The purpose of this study was to investigate the influence of gender, power, hand position, and ischial tuberosity (IT) width on saddle pressure during seated stationary cycling.
Twenty-two experienced cyclists (11 males and 11 females) were fitted to an adjustable stationary bicycle and pedaled at 100 and 200 W in both the tops and drops hand positions. An instrumented pressure mat was used to record saddle pressure distribution. Normalized force, maximum sensor pressure, and center of pressure were computed for anterior and posterior regions of the saddle.
When increasing power from 100 to 200 W, there were significant reductions in normalized force in all saddle regions and maximum pressure in the posterior region. When moving from the tops to drops hand position, centers of pressure in all regions moved forward, normalized force and maximum pressure on the posterior region decreased, and females (but not males) exhibited an increase in normalized force and maximum pressure in the anterior region. Male centers of pressure were farther forward in the anterior and total saddle regions than they were for females. Females exhibited a larger IT width than males. Interindividual differences in IT width were significantly correlated with the posterior center of pressure fore-aft location on the saddle in the tops and drops hand positions and with the width between the posterior left and right centers of pressure in the tops hand position.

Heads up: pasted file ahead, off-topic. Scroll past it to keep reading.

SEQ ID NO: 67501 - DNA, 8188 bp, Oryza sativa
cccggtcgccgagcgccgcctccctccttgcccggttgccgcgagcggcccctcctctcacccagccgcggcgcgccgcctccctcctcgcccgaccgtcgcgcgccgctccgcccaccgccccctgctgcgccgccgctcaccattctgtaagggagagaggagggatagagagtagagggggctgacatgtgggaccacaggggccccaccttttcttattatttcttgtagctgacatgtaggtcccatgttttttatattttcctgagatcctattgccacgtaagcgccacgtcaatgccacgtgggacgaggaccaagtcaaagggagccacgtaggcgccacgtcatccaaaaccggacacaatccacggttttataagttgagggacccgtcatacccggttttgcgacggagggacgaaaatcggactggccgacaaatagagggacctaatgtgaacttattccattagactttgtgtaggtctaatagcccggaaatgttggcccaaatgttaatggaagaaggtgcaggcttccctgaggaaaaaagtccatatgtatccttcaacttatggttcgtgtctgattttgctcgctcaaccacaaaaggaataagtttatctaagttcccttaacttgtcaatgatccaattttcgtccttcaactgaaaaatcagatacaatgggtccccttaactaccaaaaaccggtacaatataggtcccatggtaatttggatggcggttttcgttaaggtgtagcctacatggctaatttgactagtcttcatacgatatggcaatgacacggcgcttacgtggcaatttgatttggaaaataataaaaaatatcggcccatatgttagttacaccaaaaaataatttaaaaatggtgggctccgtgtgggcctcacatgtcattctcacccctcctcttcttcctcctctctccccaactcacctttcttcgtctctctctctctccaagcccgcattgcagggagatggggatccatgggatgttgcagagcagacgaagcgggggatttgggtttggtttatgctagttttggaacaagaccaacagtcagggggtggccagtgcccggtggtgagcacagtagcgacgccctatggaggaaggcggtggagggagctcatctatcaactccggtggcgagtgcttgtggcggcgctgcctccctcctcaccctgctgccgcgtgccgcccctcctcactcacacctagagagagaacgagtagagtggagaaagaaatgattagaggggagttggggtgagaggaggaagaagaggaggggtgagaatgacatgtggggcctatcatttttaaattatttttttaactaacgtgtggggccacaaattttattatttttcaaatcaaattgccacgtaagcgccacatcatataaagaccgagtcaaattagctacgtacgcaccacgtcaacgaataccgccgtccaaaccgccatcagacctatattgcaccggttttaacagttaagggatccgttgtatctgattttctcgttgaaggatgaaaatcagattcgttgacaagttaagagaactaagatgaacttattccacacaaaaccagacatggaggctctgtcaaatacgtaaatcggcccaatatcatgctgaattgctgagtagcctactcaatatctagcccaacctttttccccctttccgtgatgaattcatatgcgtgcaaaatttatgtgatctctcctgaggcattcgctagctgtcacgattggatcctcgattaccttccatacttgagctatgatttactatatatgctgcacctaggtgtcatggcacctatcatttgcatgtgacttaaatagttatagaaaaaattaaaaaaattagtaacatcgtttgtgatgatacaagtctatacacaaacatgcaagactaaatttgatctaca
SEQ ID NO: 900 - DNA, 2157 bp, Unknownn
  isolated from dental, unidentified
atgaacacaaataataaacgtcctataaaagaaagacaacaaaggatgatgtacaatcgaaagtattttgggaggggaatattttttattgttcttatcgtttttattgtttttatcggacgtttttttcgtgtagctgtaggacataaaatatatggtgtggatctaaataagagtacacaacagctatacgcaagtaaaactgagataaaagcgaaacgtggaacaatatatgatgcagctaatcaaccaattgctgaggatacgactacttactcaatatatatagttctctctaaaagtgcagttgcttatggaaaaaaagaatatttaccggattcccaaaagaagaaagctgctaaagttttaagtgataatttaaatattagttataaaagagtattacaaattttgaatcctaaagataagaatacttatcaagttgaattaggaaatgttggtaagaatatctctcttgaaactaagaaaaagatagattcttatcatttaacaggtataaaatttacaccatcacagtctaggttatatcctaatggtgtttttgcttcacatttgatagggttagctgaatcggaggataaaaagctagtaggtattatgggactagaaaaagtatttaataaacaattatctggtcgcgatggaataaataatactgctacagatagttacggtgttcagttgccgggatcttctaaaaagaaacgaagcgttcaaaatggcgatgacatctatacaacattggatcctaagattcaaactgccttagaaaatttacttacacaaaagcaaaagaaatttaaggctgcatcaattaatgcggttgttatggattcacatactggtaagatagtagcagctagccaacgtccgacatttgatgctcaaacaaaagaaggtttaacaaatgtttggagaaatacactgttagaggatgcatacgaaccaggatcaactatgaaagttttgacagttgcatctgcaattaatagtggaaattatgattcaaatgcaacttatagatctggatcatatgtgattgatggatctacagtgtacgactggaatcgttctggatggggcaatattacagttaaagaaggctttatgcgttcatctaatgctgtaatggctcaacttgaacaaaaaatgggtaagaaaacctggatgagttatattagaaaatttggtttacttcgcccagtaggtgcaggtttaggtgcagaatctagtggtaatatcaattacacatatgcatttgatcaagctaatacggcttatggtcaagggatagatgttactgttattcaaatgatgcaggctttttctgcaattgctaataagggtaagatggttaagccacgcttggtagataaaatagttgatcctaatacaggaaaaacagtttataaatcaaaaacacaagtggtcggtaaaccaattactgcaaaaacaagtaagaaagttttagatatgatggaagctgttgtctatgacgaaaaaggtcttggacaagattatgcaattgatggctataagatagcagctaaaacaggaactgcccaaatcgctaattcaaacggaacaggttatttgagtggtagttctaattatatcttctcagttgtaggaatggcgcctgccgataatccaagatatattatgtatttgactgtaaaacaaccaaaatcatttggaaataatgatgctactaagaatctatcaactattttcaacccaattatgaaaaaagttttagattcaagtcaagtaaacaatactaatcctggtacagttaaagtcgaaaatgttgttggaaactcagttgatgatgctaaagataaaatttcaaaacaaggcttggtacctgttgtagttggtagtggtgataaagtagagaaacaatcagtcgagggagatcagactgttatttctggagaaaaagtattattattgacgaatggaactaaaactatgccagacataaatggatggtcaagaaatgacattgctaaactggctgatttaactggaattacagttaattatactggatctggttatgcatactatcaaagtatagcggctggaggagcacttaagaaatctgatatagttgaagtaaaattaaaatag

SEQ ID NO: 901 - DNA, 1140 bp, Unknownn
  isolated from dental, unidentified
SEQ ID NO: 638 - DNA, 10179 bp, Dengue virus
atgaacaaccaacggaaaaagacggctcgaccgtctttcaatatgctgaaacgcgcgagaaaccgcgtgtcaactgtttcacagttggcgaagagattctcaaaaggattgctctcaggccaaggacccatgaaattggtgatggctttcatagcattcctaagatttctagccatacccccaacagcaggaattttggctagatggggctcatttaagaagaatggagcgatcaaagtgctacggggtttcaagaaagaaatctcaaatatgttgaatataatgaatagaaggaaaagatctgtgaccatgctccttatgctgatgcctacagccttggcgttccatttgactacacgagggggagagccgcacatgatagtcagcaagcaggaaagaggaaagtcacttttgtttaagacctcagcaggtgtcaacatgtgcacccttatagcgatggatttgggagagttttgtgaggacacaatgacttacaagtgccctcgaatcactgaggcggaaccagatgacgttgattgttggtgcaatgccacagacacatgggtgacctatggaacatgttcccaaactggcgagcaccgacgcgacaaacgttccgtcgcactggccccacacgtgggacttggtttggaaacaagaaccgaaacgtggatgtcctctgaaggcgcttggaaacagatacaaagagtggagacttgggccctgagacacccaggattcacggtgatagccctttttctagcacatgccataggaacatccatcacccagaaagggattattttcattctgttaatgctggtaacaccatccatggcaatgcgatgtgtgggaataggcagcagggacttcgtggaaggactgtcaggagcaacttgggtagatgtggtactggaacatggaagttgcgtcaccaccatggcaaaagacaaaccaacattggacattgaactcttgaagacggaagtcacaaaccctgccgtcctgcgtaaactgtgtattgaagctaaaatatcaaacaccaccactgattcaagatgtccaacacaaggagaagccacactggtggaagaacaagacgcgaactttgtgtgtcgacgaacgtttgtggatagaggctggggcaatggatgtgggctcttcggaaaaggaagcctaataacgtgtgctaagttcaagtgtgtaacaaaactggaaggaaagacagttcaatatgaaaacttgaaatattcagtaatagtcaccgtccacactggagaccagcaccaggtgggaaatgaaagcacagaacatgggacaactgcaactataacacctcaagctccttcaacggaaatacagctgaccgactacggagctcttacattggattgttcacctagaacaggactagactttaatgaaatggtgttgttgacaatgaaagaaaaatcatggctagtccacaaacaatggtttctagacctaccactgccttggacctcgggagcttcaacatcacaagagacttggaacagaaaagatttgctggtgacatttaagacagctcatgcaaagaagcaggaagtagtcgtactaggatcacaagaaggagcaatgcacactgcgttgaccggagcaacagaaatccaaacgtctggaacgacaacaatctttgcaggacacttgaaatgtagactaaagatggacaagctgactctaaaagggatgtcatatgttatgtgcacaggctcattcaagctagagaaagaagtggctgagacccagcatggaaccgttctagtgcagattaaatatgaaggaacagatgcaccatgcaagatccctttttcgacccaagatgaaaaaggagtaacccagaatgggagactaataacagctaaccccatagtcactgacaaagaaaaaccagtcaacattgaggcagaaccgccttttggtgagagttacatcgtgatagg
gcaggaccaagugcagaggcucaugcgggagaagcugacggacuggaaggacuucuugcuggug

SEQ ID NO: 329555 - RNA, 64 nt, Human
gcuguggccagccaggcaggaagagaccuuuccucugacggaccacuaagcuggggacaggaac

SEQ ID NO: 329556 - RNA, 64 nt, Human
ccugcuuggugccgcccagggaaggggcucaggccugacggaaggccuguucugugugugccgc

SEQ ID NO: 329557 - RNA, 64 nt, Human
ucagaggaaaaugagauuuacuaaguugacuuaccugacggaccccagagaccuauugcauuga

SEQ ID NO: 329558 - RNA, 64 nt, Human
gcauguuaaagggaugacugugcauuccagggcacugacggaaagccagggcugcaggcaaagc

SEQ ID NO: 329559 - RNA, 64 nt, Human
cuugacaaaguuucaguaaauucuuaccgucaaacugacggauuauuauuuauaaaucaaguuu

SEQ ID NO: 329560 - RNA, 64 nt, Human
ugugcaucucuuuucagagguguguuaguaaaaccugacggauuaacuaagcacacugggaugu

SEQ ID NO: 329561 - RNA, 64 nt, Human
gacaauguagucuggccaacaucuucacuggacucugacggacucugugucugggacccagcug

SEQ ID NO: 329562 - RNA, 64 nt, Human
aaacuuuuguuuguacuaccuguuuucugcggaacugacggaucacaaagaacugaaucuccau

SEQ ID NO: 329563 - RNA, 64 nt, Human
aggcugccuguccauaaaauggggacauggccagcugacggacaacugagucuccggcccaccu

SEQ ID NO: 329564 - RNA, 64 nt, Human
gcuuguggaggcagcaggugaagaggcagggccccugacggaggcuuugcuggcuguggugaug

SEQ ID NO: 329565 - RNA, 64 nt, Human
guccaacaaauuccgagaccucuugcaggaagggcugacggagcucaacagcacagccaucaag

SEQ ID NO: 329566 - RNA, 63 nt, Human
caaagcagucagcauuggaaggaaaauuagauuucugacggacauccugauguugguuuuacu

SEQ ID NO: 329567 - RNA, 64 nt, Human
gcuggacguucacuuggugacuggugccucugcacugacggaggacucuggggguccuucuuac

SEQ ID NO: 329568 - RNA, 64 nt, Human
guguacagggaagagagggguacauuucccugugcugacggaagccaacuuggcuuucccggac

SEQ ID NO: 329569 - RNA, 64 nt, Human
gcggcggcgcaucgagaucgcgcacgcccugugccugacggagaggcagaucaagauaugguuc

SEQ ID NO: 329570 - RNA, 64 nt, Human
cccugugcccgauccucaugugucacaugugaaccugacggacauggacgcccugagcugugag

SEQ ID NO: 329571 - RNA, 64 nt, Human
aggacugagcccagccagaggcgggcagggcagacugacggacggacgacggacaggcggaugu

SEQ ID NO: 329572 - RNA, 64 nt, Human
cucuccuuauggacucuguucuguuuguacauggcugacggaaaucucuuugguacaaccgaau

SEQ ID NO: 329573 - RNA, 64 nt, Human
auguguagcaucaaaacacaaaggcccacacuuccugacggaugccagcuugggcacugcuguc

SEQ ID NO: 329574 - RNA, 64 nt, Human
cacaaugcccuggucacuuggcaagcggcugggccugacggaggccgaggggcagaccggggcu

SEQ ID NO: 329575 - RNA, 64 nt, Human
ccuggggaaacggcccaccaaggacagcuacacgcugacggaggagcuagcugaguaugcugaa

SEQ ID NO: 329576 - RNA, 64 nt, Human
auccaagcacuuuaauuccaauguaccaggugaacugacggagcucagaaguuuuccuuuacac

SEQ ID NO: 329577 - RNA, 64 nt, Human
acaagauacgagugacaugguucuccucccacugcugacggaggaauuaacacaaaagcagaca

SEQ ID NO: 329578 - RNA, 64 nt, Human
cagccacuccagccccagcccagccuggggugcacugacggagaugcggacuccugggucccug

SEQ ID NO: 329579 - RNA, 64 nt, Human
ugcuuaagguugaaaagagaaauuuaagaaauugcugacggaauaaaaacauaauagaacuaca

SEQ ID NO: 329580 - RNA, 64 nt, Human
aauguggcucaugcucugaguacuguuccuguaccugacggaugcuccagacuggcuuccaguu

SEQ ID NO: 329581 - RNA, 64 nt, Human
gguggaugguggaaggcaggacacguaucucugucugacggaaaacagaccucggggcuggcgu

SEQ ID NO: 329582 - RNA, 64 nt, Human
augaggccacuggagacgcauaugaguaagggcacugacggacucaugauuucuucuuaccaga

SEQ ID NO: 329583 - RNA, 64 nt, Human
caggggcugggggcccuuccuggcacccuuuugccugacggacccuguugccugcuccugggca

There are significant gender-related differences in saddle loading which are important to consider when designing saddles. These differences are especially important when riders are in the handlebar drops and more weight is supported on the anterior pelvic structures.
1Departments of Biomedical Engineering; 2Mechanical Engineering; and 3Orthopedics and Rehabilitation, University of Wisconsin-Madison, Madison, WI
Address for correspondence: Heidi Ploeg, Ph.D., Department of Mechanical Engineering, 1513 University Ave., Madison, WI 53706; E-mail: firstname.lastname@example.org.
Submitted for publication July 2007.
Accepted for publication December 2007.